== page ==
Guardianships may be set up for the care of children, elderly or those with special needs. In addition, they may be beneficial for loved ones with a disease, injury or disability. Guardianships can be part of an estate plan or separate and estate planners and others considering a guardianship should know how to use them.
The benefits of a guardianship
A guardianship can be set up to designate a trusted individual to act a guardian for a child, as one example, or an older loved one as another example. The guardian will be able to make important legal and personal decisions for the subject of the guardianship who is referred to as the ward. Examples can include paying bills for the ward, managing the ward’s finances, helping the ward make healthcare decisions and helping sign the ward up for community or public services.
When a guardian is appointed through the court process the party seeking to establish the guardianship should file an application with the court requesting the guardianship be established. A hearing before a judge will then help determine if the judge will appoint a guardian after determining one is needed. A guardian can also be named in a will as part of an estate plan for minor children which is another way that a guardianship may be established.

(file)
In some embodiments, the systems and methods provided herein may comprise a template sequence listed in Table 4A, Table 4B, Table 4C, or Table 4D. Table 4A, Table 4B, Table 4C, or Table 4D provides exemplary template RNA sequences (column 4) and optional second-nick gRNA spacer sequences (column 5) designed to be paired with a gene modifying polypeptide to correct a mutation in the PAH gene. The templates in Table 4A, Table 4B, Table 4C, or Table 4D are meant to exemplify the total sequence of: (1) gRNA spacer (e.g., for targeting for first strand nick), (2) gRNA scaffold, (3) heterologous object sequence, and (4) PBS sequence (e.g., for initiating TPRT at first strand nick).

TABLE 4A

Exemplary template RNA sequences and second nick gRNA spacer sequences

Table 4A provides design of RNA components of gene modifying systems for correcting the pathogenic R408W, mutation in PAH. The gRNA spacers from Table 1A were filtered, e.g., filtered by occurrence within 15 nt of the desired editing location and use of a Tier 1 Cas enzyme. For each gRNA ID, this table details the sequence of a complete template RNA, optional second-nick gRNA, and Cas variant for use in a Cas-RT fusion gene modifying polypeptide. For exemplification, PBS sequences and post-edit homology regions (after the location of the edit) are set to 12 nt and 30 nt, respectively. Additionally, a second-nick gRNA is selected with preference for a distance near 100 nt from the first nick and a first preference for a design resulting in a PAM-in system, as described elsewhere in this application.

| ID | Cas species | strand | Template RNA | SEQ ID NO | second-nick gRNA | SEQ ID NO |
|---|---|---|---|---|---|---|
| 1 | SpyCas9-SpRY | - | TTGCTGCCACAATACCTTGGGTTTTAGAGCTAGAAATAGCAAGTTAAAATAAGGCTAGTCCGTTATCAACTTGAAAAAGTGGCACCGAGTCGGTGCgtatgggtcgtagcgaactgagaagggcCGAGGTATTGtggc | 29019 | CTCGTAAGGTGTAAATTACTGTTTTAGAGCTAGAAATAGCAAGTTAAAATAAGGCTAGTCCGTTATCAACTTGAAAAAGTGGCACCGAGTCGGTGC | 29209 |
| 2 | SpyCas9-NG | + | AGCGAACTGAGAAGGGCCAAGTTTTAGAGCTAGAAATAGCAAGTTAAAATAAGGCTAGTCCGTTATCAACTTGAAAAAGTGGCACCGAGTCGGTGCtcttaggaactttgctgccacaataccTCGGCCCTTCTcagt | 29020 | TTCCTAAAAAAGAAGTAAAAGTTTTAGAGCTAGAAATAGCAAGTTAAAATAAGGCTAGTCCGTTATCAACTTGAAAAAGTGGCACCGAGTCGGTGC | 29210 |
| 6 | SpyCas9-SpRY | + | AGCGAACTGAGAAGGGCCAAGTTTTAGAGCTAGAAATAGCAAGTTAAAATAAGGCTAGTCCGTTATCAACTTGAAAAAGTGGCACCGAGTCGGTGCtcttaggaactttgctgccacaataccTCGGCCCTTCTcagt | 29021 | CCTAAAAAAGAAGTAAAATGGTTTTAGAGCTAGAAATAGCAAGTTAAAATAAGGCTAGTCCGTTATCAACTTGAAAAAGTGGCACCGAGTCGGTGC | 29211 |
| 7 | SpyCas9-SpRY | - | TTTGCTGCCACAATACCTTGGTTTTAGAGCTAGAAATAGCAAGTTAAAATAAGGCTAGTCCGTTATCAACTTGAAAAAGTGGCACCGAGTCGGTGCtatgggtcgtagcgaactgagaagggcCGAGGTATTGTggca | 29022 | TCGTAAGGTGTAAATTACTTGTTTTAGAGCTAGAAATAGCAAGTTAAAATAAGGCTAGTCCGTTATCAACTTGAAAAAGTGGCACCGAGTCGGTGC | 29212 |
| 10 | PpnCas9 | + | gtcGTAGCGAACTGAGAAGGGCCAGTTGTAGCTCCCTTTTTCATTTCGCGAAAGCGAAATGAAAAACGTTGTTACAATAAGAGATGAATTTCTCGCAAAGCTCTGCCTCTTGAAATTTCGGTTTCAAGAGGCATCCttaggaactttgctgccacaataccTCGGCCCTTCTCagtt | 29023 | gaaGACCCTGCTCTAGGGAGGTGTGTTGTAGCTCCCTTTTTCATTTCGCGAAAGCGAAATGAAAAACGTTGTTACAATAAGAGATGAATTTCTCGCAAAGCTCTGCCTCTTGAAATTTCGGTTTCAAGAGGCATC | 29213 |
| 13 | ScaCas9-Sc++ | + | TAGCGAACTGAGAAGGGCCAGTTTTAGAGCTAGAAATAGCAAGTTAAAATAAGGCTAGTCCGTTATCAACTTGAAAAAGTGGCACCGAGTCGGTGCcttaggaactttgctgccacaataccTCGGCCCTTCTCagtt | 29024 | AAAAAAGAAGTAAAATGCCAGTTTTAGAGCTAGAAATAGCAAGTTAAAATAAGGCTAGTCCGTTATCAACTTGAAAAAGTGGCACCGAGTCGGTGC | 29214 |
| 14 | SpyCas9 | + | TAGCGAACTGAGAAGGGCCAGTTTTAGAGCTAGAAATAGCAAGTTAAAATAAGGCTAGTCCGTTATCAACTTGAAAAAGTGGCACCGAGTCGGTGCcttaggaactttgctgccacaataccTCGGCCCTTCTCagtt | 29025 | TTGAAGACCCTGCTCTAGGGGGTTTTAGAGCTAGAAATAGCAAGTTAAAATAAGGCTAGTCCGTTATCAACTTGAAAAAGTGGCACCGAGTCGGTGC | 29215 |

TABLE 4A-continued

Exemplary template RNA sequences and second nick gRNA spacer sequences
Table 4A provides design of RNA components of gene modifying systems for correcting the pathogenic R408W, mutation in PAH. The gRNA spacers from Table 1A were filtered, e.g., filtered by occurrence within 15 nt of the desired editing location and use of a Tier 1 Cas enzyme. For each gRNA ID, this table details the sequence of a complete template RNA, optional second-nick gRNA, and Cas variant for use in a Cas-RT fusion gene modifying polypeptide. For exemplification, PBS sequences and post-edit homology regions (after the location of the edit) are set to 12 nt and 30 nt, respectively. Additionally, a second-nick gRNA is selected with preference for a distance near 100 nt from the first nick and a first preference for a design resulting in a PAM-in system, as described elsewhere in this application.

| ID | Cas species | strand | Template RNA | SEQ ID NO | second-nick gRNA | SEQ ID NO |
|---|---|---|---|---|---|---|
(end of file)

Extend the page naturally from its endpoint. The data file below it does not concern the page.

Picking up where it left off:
A guardianship can be undone by the court but typically becomes permanent once established. Because the process of setting up a guardianship can be emotional in some respects, anyone seeking to establish a guardianship should be familiar with the potential benefits and how to get one started when needed.